The third modality (3) good was grouped with the options (4) fair and (5) poor, since we postulated that choosing (3) good over (1) excellent or (2) very good health revealed some reserves over the current state of health. Furthermore, it has been suggested that the choice between the modalities (3) good and (4) fair is particularly subject to heterogeneous reporting behaviour, a bias that leads to over/under-reporting of good compared to fair SRH [36].

Independent variables

We created a dichotomous variable measuring eligibility for regularization. The newly regularized migrants and the migrants whose regularization application was already submitted were put together into a “regularized or eligible for regularization group”. Undocumented economic migrants who had not submitted a regularization application or who were ineligible for the “Operation Papyrus” represented the “undocumented (or control) group”.

These regroupings were based on local practices. Undocumented economic migrants who met all six criteria of the “Operation Papyrus” at the time of their application were guaranteed they would obtain a residence permit. When they did not fulfill all the criteria, undocumented economic migrants were strongly urged not to apply to the “Operation Papyrus”, because of the high risks of being denied legalization and, as a result, being deported. We therefore assumed that all migrants who had submitted an application were fully eligible for regularization and fulfilled the regularization criteria. We also postulated that SRH would be associated with the eligibility for regularization, as attested by the application, rather than with the authorities’ decision on their application. Finally, we hypothesized that the time elapsed between the application and the decision would not impact on applicants’ SRH.

Sex, origin, age, level of education, experience of racial discrimination and recruitment site (in the community vs. in healthcare setting) were used as predictors, since they might influence SRH [37,38,39,40,41].

In the context of the “Operation Papyrus”, being eligible for regularization depended on the fulfillment of criteria related to the social integration of the applicants, their economic resources and their working situation. Therefore, assessing associations between the eligibility for regularization and SRH also required including variables related to social integration, economic resources and work.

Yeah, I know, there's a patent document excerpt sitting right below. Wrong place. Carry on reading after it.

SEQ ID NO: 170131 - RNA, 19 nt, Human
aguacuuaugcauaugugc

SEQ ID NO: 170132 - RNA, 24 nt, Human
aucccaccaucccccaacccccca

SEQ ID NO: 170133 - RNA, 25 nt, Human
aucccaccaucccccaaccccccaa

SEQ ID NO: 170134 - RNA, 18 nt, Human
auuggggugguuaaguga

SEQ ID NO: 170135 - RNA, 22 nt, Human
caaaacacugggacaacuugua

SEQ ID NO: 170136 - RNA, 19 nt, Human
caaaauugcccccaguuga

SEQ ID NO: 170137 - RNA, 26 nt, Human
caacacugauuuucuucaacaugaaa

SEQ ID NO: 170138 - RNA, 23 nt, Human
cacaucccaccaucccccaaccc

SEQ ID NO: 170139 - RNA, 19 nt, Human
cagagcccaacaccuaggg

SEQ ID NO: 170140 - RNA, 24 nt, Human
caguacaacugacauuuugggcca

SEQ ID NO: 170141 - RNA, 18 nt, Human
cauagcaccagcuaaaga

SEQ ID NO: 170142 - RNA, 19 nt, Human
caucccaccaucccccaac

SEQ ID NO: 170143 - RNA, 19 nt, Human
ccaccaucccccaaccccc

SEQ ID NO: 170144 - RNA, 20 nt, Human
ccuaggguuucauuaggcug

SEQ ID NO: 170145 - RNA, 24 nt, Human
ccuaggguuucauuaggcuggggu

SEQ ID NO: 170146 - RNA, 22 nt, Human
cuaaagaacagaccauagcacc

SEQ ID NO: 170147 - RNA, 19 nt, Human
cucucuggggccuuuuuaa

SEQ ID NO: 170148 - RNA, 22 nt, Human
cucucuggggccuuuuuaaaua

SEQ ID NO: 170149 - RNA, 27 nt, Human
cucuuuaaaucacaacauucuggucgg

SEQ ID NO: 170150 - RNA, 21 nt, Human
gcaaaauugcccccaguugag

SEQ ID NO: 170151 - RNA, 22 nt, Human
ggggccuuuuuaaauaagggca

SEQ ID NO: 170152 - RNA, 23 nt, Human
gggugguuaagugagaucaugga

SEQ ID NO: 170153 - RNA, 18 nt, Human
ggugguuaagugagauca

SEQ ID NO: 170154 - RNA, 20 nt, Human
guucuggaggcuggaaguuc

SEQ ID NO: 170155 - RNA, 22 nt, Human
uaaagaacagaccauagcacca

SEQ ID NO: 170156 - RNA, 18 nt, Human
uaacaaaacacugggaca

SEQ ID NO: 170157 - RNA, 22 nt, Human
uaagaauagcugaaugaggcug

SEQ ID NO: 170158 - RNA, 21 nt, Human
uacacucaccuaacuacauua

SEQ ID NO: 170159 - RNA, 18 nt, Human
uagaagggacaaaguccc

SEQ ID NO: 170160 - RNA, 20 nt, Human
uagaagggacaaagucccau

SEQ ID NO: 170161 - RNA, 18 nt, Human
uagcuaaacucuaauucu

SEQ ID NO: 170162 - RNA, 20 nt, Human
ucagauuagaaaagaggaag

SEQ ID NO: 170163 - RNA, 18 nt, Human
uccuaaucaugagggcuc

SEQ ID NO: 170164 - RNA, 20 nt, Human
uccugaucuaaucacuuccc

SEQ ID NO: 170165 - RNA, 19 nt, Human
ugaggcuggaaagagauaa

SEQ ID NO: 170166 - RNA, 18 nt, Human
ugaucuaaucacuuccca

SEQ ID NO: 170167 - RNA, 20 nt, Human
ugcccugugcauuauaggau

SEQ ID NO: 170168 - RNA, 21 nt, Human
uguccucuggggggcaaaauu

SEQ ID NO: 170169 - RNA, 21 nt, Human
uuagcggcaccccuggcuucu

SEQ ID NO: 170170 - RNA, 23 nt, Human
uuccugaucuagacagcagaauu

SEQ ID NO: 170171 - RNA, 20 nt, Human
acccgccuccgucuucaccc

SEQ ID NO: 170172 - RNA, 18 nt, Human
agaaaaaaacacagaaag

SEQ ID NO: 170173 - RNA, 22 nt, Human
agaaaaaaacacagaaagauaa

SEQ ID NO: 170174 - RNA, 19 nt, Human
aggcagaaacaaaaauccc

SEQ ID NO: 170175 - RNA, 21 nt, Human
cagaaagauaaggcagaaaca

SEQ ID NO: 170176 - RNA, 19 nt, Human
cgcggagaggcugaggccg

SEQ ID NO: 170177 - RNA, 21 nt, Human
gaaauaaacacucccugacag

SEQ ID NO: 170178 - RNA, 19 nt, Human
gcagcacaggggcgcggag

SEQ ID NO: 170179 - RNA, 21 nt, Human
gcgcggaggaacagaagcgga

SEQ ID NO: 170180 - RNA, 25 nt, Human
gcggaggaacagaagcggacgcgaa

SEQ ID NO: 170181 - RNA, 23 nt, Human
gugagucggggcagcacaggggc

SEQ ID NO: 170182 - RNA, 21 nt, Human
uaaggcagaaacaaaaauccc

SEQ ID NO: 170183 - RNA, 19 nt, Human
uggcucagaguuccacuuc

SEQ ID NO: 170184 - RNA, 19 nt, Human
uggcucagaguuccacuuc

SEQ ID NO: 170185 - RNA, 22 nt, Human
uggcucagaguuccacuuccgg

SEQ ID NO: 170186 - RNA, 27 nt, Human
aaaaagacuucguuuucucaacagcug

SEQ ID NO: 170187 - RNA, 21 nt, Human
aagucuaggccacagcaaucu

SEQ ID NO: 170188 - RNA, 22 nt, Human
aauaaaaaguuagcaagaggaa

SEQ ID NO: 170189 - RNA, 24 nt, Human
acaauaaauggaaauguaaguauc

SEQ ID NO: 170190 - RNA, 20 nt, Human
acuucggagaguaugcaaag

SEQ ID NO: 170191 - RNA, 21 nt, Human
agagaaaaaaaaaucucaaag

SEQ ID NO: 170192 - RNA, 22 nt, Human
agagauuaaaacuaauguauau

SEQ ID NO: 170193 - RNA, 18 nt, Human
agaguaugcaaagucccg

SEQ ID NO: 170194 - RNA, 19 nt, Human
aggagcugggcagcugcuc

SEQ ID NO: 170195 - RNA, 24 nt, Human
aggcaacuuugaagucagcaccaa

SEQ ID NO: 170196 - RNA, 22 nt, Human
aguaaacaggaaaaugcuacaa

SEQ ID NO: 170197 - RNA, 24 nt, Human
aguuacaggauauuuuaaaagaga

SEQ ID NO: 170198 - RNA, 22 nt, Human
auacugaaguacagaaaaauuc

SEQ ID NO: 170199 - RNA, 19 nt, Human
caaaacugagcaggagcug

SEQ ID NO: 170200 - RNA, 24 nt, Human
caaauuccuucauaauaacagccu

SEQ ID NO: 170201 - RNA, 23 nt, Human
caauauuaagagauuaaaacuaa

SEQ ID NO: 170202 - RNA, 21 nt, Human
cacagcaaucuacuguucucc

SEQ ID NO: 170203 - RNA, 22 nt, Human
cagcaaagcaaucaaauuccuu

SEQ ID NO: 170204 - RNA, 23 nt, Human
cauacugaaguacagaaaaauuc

Measures of social integration included the length of stay in Geneva and the self-rated level of oral French proficiency (the local language) as a dichotomous variable (good vs. bad). Although the subjective level of oral proficiency in French may not fully reflect an objective language competency, studies found that migrants’ ability to communicate in the language of the host country was significantly and positively associated with SRH [21, 42]. We could therefore not exclude the possibility that the self-reported language competency was associated with both eligibility for regularization and SRH.

We also included variables related to social support, namely the size of the social network and the feeling of loneliness. Although the authorities did not assess the availability of social support when examining the regularization applications in the context of the “Operation Papyrus”, we could not exclude an association between social support and the eligibility for regularization. Moreover, higher social support was found to be positively associated with SRH among migrants regardless of their residence status, in Switzerland [42] and other geographical contexts [21, 43].